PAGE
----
The Strange Story of DC's Lost AM Radio Station Still Transmitting Inauguration Road Closures From 2013
"Strong 'Fallout 3' vibes," says the man who discovered it.
Not everyone pays the most attention to AM radio. To some, talk is talk and fuzzy signals are exactly that. Still, it'd be odd if the same broadcast looped continuously for eight years without anyone noticing—but it's not impossible.
As it turns out, that very scenario took place up until this week in Washington D.C. where an AM radio station had been broadcasting the same traffic report since 2013, and nobody seems to know why.
It was first pointed out on Twitter by Matt Blaze, security researcher and chair of computer science and law at Georgetown University. In certain parts of D.C., you could tune-in to 1650 kHz and be greeted by a looped recording. The message, which read off the call sign WQOQ613 and warned listeners to avoid the 14th Street bridges, had been repeating since at least Jan. 21, 2013—the day of former U.S. President Barack Obama's second inauguration. But that was more than eight years ago. Why in the world would this message still be broadcasting? And why could it only be picked up in certain parts of the city?
To answer that question, I reached out to several individuals who work for the District of Columbia, including the technical contact registered with the FCC. Within an hour of sending off an email, my phone rang and Bill Curry, the chief of communications security at Homeland Security Emergency Management in Washington D.C., was on the other end.
Bill was immediately interested in the rogue signal. He didn't seem rushed or bothered by the fact that the message was being broadcasted, but was instead curious that it managed to stay alive for so long without anyone knowing that it existed or complaining that it was out of date. See, Bill has been a radio enthusiast his entire life, even building homemade Ham radios before he began working with RF professionally, so the thought that some unmanned station was looping a recorded message was...intriguing.
While on the phone, Bill's brother flipped on his historic Zenith Trans-Oceanic radio and sure enough, the traffic report began to play. Couple his interest with the security and communications work he does with Fusion Centers and it was clear that he needed to know where the signal was being broadcast—if, for nothing else, to satisfy his curiosity.
After exchanging stories about adventures in our own siloed worlds of engineering, Bill had a theory that actually seemed quite plausible: someone just forgot to flip the off-switch. See, when it comes to radio communications in Washington D.C., many people live under the "if it isn't broken, don't fix it" philosophy—especially since erecting a new radio tower is an extremely complicated process within a certain radius of the nation's capital.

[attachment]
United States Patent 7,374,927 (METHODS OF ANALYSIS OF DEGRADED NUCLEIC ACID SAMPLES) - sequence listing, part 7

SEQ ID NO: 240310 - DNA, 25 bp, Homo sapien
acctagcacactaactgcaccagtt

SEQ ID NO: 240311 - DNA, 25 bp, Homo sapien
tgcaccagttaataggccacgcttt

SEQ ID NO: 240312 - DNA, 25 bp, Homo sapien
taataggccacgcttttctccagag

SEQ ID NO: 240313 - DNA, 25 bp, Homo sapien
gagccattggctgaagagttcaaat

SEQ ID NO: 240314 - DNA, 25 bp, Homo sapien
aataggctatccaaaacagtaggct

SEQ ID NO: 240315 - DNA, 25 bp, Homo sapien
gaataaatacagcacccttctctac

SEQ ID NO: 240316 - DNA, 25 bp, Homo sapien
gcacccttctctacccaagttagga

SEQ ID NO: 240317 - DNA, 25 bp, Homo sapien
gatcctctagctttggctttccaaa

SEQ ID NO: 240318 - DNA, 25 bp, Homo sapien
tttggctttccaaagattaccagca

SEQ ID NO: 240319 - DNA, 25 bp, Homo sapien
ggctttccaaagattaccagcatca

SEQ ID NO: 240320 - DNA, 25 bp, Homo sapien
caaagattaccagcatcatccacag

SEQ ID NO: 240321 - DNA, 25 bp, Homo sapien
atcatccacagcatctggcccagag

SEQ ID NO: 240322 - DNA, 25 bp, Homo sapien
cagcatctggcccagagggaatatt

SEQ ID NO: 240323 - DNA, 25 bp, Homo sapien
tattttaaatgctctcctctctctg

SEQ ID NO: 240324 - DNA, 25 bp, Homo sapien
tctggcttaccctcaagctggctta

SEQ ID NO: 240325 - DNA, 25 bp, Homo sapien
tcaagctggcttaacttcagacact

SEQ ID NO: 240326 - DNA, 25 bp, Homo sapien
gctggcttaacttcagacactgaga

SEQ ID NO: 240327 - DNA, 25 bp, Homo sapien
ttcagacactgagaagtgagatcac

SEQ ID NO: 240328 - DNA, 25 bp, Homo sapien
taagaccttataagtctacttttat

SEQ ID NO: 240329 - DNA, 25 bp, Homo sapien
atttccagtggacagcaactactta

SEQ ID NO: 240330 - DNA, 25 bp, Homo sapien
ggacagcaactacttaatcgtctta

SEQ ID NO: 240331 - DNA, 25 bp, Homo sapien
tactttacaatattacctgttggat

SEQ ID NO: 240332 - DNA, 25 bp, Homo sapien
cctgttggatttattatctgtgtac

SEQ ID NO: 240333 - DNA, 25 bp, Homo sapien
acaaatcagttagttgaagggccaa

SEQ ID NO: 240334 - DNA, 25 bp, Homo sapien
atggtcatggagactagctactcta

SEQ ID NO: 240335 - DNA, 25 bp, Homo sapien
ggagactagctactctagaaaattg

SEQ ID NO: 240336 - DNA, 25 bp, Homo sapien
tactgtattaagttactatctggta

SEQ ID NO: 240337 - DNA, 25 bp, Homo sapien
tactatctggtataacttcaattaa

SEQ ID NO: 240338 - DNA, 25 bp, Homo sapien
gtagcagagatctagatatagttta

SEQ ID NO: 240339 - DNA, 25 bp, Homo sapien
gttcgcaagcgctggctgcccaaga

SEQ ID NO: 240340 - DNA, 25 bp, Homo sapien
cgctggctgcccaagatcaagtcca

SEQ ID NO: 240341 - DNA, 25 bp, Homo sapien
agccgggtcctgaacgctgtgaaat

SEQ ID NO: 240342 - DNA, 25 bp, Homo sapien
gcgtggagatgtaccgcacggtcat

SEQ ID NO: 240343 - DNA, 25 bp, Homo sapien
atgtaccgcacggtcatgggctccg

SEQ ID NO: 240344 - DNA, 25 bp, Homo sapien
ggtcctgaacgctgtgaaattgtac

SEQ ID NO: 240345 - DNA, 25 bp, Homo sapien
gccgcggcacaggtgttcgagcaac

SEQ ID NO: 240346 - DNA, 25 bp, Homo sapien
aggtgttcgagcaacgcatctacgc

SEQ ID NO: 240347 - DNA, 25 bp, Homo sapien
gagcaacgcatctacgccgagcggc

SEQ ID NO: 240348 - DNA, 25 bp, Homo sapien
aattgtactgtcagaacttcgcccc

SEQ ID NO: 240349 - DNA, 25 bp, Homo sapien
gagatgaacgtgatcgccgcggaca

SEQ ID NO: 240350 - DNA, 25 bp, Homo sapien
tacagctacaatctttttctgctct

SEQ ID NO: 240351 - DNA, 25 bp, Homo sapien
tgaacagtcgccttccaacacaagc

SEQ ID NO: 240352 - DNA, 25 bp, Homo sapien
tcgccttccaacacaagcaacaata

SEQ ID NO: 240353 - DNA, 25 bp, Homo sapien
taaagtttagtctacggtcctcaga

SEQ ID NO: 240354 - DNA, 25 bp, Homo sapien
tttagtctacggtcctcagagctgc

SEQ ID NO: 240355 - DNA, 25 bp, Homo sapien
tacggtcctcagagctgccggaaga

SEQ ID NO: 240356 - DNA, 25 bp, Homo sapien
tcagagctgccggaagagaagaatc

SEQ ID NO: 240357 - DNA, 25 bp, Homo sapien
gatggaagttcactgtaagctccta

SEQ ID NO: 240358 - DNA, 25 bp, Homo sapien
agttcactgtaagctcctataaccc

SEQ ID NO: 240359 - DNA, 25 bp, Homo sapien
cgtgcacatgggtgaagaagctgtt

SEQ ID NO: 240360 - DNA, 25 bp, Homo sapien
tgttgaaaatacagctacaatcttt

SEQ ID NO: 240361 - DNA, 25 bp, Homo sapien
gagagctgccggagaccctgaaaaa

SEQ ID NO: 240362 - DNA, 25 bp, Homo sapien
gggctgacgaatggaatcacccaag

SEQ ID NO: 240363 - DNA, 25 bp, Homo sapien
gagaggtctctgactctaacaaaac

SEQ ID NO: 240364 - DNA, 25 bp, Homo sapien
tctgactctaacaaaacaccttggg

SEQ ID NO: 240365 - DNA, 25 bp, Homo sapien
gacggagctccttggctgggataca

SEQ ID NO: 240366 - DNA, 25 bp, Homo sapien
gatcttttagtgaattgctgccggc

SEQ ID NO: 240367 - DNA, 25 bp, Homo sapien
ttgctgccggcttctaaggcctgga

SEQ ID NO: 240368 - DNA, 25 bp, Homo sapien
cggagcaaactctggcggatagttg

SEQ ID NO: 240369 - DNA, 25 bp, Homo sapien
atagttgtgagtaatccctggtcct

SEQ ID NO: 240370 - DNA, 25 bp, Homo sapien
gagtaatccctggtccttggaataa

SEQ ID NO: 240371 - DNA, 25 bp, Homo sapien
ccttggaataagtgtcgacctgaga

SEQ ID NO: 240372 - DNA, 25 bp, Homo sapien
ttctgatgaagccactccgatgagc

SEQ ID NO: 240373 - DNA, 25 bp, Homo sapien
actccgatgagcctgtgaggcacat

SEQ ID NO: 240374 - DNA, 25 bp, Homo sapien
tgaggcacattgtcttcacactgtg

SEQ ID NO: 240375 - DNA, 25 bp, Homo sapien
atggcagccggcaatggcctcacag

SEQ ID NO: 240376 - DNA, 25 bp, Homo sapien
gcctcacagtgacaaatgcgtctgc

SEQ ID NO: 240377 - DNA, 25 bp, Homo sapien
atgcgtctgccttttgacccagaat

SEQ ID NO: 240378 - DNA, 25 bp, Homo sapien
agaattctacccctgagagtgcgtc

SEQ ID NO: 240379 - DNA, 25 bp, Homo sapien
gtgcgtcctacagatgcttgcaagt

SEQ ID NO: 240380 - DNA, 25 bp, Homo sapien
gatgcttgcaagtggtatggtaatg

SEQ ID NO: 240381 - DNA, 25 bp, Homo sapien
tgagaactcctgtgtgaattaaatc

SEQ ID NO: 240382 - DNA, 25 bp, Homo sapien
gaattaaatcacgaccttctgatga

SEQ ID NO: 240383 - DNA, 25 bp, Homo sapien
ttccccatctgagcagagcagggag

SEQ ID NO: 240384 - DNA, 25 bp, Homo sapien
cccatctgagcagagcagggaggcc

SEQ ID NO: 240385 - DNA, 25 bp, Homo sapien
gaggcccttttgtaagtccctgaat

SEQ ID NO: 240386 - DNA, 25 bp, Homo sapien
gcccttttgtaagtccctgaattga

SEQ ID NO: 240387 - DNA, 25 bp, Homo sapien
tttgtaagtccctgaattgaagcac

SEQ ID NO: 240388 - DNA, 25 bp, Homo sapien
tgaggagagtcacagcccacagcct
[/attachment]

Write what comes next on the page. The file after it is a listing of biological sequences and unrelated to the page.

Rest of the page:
According to Bill, the signal may have been originally transmitted on several temporary stations, all of which were thought to have been decommissioned some time ago. Some of these transmitters may have been affixed to telephone poles on the side of the highway, while others could've been stuffed into two-wheeled trailers to be towed wherever needed. The equipment in these trailers is often powered by solar panels so it can operate without an external power source. His bet was on the latter, that the case of the mystery radio signal may have just been sitting in a vacant parking lot getting power from the sun and transmitting the same traffic information day after day for eight years.
Because the location of the transmitter wasn't documented, Bill needed to organize an effort to locate it. His team set off with a Radio Direction Finder (RDF), a device with a unidirectional antenna meant to help find the source of a radio signal, and began the hunt. And by the following afternoon, the signal finally stopped broadcasting across the D.C. airwaves.
It's honestly kind of upsetting to know that it's gone—a little less electricity in the air. Just as quickly as it was found, the mystery signal simply fizzled out. Someone at Bill's directive must have found the transmitter and finally finished the job someone forgot to do eight years ago. We'd like to think of it as a service, considering the license expired later this year anyway (a decade after it was issued).
Unfortunately, while the signal may be no more, we still don't know exactly where it was being transmitted from. Perhaps it was a trailer parked in a vacant lot, or maybe a station was stuffed inside of an old decommissioned building. The world may never know—but at least we won't forget about the eight years of a phantom government traffic report riding the airwaves of Washington D.C.
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